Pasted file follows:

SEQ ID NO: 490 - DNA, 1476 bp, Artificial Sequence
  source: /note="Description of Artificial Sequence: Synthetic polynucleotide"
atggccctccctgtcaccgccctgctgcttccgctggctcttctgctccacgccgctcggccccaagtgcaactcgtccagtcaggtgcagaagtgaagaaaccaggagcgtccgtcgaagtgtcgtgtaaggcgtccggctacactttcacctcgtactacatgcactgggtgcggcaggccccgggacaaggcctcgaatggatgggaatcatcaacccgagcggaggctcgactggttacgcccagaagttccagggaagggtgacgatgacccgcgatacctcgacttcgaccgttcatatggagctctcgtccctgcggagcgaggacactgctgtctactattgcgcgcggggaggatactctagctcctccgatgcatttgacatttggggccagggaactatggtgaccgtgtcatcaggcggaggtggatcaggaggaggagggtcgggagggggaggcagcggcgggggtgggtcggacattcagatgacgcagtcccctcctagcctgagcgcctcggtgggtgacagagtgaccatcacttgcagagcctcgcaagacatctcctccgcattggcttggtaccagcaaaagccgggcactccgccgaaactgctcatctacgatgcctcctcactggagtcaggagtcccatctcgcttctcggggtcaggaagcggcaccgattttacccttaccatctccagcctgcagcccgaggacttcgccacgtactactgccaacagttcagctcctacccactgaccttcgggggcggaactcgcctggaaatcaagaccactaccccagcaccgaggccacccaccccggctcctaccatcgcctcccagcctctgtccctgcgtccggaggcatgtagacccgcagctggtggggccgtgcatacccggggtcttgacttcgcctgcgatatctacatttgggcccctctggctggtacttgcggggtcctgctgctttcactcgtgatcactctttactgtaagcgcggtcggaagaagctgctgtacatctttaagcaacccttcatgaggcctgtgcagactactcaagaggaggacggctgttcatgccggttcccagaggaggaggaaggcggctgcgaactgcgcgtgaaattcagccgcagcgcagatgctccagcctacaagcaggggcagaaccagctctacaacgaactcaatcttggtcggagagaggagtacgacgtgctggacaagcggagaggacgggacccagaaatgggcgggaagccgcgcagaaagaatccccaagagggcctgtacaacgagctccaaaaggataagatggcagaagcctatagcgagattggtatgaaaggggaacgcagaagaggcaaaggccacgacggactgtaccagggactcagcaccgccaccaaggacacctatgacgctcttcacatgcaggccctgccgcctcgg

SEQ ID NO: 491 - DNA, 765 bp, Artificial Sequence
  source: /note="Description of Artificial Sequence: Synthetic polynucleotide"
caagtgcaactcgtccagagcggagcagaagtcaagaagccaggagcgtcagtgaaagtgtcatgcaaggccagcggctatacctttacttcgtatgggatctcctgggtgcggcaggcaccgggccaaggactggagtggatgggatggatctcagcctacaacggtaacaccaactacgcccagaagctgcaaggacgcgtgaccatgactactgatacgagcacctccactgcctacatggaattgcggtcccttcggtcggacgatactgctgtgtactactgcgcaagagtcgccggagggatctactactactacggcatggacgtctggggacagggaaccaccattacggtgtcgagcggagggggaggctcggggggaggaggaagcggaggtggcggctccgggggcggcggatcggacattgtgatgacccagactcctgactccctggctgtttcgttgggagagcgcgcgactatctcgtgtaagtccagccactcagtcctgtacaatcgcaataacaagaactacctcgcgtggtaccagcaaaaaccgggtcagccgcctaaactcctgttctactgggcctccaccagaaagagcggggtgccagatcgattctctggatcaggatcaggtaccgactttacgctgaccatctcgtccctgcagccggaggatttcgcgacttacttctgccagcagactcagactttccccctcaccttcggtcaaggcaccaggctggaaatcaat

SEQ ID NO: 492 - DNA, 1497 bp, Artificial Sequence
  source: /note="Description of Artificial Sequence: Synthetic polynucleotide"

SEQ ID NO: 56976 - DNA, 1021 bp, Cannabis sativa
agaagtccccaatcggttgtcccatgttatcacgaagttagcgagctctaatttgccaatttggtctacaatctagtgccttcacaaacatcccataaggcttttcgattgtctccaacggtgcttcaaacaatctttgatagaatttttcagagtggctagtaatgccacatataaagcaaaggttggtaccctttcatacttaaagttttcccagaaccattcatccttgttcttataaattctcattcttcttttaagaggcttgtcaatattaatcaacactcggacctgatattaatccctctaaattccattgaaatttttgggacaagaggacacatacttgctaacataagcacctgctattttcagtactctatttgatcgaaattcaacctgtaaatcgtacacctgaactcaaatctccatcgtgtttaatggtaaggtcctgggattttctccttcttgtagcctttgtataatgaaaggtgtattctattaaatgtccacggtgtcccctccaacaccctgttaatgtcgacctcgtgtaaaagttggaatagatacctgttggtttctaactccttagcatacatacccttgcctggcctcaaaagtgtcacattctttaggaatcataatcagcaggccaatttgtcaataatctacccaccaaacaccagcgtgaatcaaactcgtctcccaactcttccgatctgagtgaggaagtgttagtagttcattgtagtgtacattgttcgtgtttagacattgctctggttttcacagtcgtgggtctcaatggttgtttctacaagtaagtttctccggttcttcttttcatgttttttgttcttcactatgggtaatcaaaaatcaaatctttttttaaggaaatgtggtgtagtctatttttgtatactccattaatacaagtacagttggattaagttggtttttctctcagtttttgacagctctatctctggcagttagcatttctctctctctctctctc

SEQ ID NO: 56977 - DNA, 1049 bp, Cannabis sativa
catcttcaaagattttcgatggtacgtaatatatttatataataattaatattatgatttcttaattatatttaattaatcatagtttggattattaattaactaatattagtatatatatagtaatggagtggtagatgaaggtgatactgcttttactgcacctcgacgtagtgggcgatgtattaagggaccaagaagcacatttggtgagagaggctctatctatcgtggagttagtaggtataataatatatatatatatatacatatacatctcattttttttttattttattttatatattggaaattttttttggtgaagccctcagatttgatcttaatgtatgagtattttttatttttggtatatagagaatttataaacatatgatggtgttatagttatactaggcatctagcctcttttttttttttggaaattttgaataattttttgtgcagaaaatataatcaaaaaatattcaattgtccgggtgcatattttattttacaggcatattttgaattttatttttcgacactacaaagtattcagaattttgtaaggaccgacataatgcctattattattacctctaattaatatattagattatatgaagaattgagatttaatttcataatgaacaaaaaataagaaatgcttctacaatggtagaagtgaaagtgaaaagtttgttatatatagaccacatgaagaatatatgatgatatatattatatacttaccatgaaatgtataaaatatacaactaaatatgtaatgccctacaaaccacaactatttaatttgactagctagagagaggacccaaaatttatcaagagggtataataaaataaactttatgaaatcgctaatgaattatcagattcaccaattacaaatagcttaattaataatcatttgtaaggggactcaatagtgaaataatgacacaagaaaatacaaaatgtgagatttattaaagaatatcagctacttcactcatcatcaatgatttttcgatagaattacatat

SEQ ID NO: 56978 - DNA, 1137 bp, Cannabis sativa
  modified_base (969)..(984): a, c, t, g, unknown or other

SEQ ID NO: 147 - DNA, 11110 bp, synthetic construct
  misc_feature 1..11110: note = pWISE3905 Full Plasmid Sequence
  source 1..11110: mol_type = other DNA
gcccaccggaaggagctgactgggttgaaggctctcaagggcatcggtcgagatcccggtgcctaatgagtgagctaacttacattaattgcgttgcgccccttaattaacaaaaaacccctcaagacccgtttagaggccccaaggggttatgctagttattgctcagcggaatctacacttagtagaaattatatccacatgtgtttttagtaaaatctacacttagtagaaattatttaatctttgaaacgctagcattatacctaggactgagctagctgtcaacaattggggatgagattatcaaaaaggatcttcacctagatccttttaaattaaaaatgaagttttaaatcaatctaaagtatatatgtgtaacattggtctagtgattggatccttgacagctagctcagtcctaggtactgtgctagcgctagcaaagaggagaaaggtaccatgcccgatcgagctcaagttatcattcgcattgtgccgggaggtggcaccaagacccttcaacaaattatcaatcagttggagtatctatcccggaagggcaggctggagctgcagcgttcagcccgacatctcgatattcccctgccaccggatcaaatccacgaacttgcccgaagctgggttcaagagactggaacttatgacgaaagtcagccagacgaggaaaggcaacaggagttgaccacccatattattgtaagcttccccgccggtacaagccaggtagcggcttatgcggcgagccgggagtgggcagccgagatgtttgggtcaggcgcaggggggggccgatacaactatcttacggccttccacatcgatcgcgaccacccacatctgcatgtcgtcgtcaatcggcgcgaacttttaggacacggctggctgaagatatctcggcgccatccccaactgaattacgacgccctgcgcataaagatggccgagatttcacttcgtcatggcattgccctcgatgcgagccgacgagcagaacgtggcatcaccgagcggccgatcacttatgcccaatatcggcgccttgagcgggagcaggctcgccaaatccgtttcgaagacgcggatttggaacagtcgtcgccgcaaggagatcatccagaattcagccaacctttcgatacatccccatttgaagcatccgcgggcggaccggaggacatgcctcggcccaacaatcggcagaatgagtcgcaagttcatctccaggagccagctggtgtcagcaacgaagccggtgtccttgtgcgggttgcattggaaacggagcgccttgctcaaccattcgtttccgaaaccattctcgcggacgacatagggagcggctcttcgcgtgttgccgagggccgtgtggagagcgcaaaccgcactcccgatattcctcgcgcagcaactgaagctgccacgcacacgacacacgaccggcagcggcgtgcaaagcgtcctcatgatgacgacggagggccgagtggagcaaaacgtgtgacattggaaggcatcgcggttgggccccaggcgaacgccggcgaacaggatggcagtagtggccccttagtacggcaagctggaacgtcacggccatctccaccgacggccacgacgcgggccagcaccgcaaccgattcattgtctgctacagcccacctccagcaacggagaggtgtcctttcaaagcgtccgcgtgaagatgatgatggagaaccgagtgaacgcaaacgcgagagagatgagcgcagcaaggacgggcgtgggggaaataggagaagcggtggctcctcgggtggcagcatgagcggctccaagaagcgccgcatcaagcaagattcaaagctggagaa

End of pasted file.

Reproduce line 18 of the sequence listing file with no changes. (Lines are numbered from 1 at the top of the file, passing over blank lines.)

gcccaccggaaggagctgactgggttgaaggctctcaagggcatcggtcgagatcccggtgcctaatgagtgagctaacttacattaattgcgttgcgccccttaattaacaaaaaacccctcaagacccgtttagaggccccaaggggttatgctagttattgctcagcggaatctacacttagtagaaattatatccacatgtgtttttagtaaaatctacacttagtagaaattatttaatctttgaaacgctagcattatacctaggactgagctagctgtcaacaattggggatgagattatcaaaaaggatcttcacctagatccttttaaattaaaaatgaagttttaaatcaatctaaagtatatatgtgtaacattggtctagtgattggatccttgacagctagctcagtcctaggtactgtgctagcgctagcaaagaggagaaaggtaccatgcccgatcgagctcaagttatcattcgcattgtgccgggaggtggcaccaagacccttcaacaaattatcaatcagttggagtatctatcccggaagggcaggctggagctgcagcgttcagcccgacatctcgatattcccctgccaccggatcaaatccacgaacttgcccgaagctgggttcaagagactggaacttatgacgaaagtcagccagacgaggaaaggcaacaggagttgaccacccatattattgtaagcttccccgccggtacaagccaggtagcggcttatgcggcgagccgggagtgggcagccgagatgtttgggtcaggcgcaggggggggccgatacaactatcttacggccttccacatcgatcgcgaccacccacatctgcatgtcgtcgtcaatcggcgcgaacttttaggacacggctggctgaagatatctcggcgccatccccaactgaattacgacgccctgcgcataaagatggccgagatttcacttcgtcatggcattgccctcgatgcgagccgacgagcagaacgtggcatcaccgagcggccgatcacttatgcccaatatcggcgccttgagcgggagcaggctcgccaaatccgtttcgaagacgcggatttggaacagtcgtcgccgcaaggagatcatccagaattcagccaacctttcgatacatccccatttgaagcatccgcgggcggaccggaggacatgcctcggcccaacaatcggcagaatgagtcgcaagttcatctccaggagccagctggtgtcagcaacgaagccggtgtccttgtgcgggttgcattggaaacggagcgccttgctcaaccattcgtttccgaaaccattctcgcggacgacatagggagcggctcttcgcgtgttgccgagggccgtgtggagagcgcaaaccgcactcccgatattcctcgcgcagcaactgaagctgccacgcacacgacacacgaccggcagcggcgtgcaaagcgtcctcatgatgacgacggagggccgagtggagcaaaacgtgtgacattggaaggcatcgcggttgggccccaggcgaacgccggcgaacaggatggcagtagtggccccttagtacggcaagctggaacgtcacggccatctccaccgacggccacgacgcgggccagcaccgcaaccgattcattgtctgctacagcccacctccagcaacggagaggtgtcctttcaaagcgtccgcgtgaagatgatgatggagaaccgagtgaacgcaaacgcgagagagatgagcgcagcaaggacgggcgtgggggaaataggagaagcggtggctcctcgggtggcagcatgagcggctccaagaagcgccgcatcaagcaagattcaaagctggagaa